The past few days in the Seattle area have been so lovely, I think the weather Gods are apologizing for the veritable monsoon of rain that dumped on us two weeks ago.
If you are not in the Maritime Northwest, you might be shaking your head right now, saying: “Seattle is called Rain City for a reason. Suck it up.”
And it’s true: it rains a lot here, in terms of number of days per year that precipitation falls. But the total volume of water that falls to earth in our bioregion isn’t any more than Chicago and is quite a bit less than New York. See, we excel in drizzle. Many, many, many days of drizzle.
So the sky-opens-and-water-is dumped-down-by-the-bucketful rain from two weeks ago was quite atypical. It ravaged a flat of seedlings I had set out to harden off; just full-on shredded the tender leaves. It left puddles of standing water in my loose-soiled raised beds. It washed fertile mulch off garden beds and into paths in rivulets. It fully saturated the soil, which was none too dry before.
After the monsoon I knew I had to cover my beds to allow them to start to dry out for planting. This time I wasn’t trying to create a better microclimate for seed sowing or transplants, I was just trying to keep any additional rain off.
We have PVC Hoops installed on most of our beds. So constructing a plastic tunnel cloche was just a question of throwing some 4 mil plastic over the top and securing. I know a lot of people advocate securing plastic or row cover to PVC hoops with clips but I’ve found that in a good wind the clips tend to just pop off and the cover will come loose.
Instead, we use a good length of cheap robe and a bungee cord to secure the plastic all around the wooden outside frame of our raised beds. Here’s how we do it.
Get some rope and a bungee cord. A “stiffer” bungee and a rope without too much stretch works best. Figure out how long your rope will need to be to wrap the perimeter of your bed and be held taught by the bungee.
The first time you do this, it’s a good idea to measure “in the field” so you can see how stretchy your rope and bungee are when pulled tight. Cut the rope to the appropriate length. I cut my rope 25 feet long to wrap a 4’x8′ bed. This gives me plenty of room to tie knots at the end.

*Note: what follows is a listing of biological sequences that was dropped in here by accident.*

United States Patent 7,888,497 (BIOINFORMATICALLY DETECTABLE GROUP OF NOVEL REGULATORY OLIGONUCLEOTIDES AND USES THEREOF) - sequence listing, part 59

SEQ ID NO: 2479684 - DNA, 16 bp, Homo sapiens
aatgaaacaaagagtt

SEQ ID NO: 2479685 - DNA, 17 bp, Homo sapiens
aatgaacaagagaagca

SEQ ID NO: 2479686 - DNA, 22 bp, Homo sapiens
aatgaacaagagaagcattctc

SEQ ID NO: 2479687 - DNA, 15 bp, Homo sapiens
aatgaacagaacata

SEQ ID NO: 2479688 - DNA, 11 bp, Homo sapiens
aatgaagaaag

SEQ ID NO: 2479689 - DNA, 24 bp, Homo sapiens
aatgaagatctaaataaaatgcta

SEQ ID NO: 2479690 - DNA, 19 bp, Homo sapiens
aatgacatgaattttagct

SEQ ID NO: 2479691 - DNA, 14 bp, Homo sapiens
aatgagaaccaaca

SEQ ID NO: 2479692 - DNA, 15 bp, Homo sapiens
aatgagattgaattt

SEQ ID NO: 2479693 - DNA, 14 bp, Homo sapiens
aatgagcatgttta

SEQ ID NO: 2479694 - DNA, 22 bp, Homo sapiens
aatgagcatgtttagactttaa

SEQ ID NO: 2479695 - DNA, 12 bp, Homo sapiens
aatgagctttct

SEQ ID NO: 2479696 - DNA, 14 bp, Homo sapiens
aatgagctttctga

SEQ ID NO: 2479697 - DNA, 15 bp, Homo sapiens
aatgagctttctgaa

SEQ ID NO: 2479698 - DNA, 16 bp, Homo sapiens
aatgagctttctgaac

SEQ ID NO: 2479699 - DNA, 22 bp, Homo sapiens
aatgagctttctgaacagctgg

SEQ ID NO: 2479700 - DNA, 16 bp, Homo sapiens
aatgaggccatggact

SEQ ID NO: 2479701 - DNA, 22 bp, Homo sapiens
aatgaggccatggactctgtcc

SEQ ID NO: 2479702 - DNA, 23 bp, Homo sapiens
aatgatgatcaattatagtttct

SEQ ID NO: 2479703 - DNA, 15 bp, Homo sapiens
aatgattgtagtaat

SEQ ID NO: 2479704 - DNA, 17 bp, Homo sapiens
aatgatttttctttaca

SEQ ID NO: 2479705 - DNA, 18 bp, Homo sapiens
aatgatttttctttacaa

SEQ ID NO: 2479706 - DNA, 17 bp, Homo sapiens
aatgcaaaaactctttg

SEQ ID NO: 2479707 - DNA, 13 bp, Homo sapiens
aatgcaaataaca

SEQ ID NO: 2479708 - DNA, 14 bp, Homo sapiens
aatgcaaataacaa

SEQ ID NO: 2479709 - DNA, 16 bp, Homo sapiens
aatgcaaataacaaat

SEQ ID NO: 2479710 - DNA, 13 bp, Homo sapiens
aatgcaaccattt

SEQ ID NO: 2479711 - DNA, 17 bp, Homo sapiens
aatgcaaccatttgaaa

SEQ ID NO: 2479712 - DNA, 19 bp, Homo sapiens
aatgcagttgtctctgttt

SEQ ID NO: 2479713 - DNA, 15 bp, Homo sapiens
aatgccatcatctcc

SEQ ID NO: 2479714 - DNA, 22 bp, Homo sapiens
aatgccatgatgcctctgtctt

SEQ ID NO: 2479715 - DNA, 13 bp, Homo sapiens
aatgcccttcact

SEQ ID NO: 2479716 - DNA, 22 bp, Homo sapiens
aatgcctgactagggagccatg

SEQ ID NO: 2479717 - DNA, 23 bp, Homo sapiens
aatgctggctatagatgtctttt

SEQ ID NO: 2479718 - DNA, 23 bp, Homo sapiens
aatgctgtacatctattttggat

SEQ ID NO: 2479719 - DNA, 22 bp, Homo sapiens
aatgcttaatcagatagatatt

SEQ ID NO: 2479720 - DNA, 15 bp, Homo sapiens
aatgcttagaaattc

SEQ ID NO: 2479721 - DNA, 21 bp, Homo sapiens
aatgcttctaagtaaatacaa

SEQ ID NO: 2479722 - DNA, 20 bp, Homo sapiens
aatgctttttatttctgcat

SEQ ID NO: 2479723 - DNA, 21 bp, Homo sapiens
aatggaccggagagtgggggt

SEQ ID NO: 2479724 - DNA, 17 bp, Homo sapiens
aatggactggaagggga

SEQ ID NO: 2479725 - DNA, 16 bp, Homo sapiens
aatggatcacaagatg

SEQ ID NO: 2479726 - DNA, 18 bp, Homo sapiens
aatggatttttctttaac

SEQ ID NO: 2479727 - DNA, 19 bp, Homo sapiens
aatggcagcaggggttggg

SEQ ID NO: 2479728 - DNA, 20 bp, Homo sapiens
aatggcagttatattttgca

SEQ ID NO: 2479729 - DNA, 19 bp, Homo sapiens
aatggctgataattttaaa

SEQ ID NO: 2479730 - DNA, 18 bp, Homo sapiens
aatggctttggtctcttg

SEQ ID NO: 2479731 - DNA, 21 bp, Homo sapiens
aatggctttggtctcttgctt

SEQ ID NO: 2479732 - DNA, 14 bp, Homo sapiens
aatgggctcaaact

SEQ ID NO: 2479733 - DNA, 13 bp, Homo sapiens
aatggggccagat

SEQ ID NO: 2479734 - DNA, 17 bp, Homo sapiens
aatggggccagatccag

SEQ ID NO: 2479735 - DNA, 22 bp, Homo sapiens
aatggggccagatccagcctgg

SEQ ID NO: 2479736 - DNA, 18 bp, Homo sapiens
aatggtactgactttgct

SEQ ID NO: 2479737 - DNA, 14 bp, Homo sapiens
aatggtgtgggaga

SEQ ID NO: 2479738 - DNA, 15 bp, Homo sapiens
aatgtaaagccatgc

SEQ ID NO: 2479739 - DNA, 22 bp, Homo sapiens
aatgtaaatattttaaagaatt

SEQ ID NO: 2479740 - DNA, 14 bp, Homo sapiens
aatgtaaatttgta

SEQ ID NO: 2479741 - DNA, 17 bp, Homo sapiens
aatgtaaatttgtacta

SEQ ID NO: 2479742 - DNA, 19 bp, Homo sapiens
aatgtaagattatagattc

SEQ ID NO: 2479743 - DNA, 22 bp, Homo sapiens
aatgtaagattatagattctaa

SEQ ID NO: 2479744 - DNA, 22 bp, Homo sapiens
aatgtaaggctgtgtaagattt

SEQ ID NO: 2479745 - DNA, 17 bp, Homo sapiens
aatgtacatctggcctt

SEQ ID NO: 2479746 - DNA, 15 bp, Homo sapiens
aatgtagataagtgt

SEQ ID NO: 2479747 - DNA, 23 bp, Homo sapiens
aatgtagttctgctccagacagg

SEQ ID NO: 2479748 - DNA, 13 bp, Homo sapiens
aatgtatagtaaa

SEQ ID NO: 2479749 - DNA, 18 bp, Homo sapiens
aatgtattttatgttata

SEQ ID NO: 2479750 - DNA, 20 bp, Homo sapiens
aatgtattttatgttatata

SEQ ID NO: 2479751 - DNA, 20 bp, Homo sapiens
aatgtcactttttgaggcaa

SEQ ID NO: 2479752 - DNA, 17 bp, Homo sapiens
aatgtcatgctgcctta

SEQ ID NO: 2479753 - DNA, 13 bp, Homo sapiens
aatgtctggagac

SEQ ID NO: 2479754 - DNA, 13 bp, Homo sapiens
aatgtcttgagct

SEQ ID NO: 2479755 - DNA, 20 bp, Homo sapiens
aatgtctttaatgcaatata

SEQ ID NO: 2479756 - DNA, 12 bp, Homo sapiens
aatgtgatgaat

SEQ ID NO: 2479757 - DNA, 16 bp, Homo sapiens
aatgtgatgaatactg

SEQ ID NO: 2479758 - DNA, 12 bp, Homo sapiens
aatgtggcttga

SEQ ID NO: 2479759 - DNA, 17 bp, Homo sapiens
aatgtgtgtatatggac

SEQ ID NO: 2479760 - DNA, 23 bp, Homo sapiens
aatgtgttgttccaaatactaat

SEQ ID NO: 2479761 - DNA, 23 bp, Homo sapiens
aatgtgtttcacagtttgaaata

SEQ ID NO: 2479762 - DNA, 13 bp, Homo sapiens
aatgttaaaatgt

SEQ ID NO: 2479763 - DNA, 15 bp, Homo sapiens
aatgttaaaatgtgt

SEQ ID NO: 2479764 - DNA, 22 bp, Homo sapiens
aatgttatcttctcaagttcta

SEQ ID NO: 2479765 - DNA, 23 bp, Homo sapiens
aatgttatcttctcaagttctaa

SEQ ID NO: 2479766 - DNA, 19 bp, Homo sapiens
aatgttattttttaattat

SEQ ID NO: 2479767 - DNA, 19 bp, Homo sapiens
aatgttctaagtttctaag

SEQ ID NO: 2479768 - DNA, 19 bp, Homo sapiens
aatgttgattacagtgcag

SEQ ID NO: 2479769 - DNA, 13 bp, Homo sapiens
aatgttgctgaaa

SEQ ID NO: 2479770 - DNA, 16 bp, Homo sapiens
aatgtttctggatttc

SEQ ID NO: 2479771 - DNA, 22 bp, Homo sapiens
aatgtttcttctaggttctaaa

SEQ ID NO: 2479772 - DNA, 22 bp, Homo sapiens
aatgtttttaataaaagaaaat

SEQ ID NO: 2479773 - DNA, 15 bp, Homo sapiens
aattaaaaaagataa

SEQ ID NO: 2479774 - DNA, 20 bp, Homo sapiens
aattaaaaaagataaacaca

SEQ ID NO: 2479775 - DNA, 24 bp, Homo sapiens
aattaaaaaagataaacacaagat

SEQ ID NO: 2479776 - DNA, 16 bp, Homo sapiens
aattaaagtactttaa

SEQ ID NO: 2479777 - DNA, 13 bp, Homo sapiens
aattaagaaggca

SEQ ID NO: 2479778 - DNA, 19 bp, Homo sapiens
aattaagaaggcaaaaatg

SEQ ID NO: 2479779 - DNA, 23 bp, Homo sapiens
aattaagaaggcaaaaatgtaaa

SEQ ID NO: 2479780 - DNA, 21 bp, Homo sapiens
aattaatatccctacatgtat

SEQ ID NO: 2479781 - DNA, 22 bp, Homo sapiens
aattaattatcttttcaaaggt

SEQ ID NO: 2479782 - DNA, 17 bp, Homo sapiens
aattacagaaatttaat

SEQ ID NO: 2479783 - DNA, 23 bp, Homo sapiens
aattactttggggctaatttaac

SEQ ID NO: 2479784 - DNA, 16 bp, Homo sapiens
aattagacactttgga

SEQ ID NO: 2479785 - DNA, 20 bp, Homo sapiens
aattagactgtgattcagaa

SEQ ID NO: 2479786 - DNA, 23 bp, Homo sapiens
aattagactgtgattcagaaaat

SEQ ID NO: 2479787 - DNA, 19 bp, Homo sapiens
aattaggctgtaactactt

Tie a sturdy slip knot in both ends of the rope.
Hook the bungee into the loop of one of the knots.
One 10’x24′ foot roll of 4 mil poly cut in half to make two 10’x12′ pieces is just the right size to cover two of our 4’x8′ beds fitted with low PVC hoops. It’s easiest to measure and cut the poly inside or in a non-windy, level spot.
Cover the PVC hoops with the plastic, making the whole thing even all around.
Pull the excess plastic to the short ends of the bed, making the long ends as smooth and flush to the bed as possible. Pull the rope around the bed and secure with the bungee.
It is important that the rope be pulled tight so that it will hold the sides of the cloche down against any spring winds.
The finished product. All our little beds, cloched up and ready to laugh off the rains.
It’s a good thing we got these done when we did; five minutes after completion of this project a hail storm started, followed by yet more buckets of water.
Now that we are having some clear and sunny days the cloches are actually starting to get a little heat built up. I have the ends of each of them vented a bit for airflow and to prevent overheating.
How do you use low tunnels, cold frames or cloches?2